Is Intermittent Fasting Safe for Women?

November 13, 2019

Intermittent fasting is at an all time high in popularity right now, but not all of the research shows that it is beneficial for women.

 

Many times, studies are done on men, and women are considered more difficult to study because of the hormonal changes throughout the month, so be careful when you find articles claiming something is healthy across the board.  In some cases, something men find great results with will not have the same effects on women.


Intermittent fasting falls into this category.

 

What is it?

 

Intermittent fasting is the catch all term of periods of time to eat, with periods of fasting between.  One of the more popular version is the 16/8 window, where you eat for 8 hours of your day, fasting for the remaining 16.  Another common practice is a full 24 hour fast 1-2 times per week.

 

 

 

 

What has research found?

 

Studies on women have found mixed results, as women are more sensitive to calorie reduction than men.  One study found that women's glucose response was impaired with intermittent fasting, but blood sugar control remained the same or even improved for the men.

 

If calorie intake is significantly lower, women can experience a disruption of their reproductive hormones or even lose their cycle, which sets them up for bone density loss and other health affects.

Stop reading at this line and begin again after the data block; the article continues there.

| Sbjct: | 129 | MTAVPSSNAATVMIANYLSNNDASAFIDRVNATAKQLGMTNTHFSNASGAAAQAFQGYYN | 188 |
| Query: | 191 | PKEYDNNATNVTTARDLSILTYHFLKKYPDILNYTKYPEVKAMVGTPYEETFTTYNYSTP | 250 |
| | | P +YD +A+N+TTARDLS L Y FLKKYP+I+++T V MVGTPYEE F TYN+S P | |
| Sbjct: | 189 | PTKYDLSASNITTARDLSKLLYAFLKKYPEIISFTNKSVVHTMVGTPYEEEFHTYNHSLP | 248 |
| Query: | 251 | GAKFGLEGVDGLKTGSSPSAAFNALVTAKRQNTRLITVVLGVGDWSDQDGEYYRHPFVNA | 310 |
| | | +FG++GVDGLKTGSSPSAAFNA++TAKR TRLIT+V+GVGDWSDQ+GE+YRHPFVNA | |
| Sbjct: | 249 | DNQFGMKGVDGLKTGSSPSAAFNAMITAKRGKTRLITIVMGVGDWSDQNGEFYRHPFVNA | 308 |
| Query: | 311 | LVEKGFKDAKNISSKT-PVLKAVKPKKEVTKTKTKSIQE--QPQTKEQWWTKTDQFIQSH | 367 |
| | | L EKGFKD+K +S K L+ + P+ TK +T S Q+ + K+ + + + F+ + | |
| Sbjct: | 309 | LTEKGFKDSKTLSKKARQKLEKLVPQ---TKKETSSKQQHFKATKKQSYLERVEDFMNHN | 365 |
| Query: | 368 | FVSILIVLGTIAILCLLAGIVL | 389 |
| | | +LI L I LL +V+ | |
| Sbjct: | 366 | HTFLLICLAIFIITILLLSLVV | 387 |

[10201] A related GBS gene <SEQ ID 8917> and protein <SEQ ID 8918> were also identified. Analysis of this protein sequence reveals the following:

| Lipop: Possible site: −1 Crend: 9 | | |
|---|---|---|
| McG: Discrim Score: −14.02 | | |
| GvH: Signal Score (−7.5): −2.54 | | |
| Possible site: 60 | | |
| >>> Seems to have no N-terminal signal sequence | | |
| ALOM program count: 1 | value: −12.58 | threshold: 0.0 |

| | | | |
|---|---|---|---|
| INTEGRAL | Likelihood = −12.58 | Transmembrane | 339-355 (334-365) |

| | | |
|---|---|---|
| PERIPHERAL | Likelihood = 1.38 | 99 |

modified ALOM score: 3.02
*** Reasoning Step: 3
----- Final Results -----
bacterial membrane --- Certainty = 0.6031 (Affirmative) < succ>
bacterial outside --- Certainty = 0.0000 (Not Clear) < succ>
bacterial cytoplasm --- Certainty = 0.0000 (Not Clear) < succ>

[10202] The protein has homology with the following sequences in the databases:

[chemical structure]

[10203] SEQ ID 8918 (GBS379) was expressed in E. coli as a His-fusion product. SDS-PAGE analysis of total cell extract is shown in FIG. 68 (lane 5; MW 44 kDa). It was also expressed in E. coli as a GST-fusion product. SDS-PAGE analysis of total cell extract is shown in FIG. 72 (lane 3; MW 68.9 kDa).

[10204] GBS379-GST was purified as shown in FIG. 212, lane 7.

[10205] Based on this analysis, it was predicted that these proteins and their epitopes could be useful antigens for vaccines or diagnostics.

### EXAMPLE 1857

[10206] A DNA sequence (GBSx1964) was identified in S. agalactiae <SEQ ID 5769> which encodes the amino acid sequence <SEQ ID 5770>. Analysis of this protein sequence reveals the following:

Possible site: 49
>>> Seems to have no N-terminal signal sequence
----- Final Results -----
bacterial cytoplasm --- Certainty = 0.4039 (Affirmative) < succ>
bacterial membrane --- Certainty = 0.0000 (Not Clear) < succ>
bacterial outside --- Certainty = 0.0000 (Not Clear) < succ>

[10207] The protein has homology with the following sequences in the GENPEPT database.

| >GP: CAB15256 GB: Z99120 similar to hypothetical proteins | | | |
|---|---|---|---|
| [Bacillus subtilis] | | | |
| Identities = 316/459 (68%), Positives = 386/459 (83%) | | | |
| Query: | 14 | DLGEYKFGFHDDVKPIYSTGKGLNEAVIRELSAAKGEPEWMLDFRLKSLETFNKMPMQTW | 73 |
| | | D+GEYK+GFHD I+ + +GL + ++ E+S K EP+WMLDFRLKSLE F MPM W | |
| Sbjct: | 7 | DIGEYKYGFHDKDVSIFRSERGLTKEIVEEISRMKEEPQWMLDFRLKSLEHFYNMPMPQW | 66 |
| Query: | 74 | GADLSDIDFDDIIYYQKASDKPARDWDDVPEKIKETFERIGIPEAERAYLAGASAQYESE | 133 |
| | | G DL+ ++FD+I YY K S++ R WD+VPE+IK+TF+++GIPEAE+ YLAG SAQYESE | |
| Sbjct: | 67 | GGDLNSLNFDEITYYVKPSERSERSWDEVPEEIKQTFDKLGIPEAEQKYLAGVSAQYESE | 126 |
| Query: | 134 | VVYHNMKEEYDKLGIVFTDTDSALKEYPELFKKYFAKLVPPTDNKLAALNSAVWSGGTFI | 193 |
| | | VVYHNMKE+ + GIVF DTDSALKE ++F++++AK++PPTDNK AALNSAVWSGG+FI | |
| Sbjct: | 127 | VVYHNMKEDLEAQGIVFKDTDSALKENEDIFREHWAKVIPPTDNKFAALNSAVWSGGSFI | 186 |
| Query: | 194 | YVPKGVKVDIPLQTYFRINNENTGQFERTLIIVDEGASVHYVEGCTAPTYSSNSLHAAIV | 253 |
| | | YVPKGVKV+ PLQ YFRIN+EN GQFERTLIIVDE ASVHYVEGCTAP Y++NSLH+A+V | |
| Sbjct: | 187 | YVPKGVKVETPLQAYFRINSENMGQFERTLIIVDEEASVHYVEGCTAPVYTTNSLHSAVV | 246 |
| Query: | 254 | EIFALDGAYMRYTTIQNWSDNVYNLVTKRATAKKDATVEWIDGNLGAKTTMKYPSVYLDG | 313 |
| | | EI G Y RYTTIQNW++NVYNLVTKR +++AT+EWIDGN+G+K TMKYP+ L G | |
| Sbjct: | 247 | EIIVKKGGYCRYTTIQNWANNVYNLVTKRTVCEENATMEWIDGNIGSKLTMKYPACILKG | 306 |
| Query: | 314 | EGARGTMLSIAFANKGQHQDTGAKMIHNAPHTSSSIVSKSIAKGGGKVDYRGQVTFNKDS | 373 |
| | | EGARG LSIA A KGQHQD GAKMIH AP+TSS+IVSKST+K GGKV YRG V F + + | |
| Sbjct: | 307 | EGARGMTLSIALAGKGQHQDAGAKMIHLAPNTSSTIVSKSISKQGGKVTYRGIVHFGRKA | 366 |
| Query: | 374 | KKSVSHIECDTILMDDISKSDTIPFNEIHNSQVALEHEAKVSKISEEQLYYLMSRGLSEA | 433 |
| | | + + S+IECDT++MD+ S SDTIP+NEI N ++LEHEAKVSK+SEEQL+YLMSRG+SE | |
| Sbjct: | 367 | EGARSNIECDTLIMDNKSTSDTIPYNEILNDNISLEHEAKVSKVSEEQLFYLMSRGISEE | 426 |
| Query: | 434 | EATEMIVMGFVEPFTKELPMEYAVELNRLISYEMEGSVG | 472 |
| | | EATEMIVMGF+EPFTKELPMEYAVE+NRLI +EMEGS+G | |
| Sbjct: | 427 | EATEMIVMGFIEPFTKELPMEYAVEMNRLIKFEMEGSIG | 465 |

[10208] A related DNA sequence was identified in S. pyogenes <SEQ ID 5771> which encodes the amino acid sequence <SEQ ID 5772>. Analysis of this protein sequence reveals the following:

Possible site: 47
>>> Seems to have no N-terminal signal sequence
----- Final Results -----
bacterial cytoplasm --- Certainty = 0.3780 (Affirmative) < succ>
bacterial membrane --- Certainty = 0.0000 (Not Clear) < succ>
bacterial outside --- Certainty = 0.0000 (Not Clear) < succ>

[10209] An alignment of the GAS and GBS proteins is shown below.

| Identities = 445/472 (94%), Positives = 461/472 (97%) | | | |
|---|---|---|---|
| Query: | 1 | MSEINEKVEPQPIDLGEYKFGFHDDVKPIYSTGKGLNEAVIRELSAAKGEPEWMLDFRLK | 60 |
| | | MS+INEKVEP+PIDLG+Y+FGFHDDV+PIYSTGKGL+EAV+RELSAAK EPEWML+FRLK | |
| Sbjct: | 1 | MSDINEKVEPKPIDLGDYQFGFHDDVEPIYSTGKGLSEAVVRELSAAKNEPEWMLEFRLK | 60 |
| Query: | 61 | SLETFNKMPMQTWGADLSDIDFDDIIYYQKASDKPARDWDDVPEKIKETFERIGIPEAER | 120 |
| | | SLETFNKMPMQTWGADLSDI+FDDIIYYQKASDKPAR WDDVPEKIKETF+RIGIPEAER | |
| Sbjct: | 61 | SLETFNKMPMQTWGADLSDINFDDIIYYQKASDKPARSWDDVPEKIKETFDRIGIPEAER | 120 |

In this podcast, Dr. Stacy Sims explains that fasting can raise cortisol, the stress hormone, in women.  As cortisol stays high, it can prevent fat loss rather than encourage it, as fasting claims to do.

 

When or how is fasting okay for women?

 

This does not mean fasting is never okay, but women need to be more careful to get enough calories and to keep their hormones balanced. 

 

Fasting through the evening for a 12-14 hour period before you break your fast with breakfast appears to be more beneficial than choosing an eating period of 12-8pm. If we work with our circadian rhythms, our bodies prefer food in the earlier hours of the day and do not metabolize sugars as well at night.  This might look like an eating period of 8am - 6pm, with the kitchen closed after dinner. 

 

 

 

 

Or an occasional 24 hour fast from dinner to dinner can be used to reset your system, or as part of a religious fast, without damaging your body

 

However, if intermittent fasting does not appeal to you, there is no need to incorporate it.  What is more important is choosing good quality real foods, similar to a Mediterranean style diet, with moderate exercise and activity throughout the day to keep your body most healthy and balanced.

 

Do you incorporate intermittent fasting?

 

 

 

 

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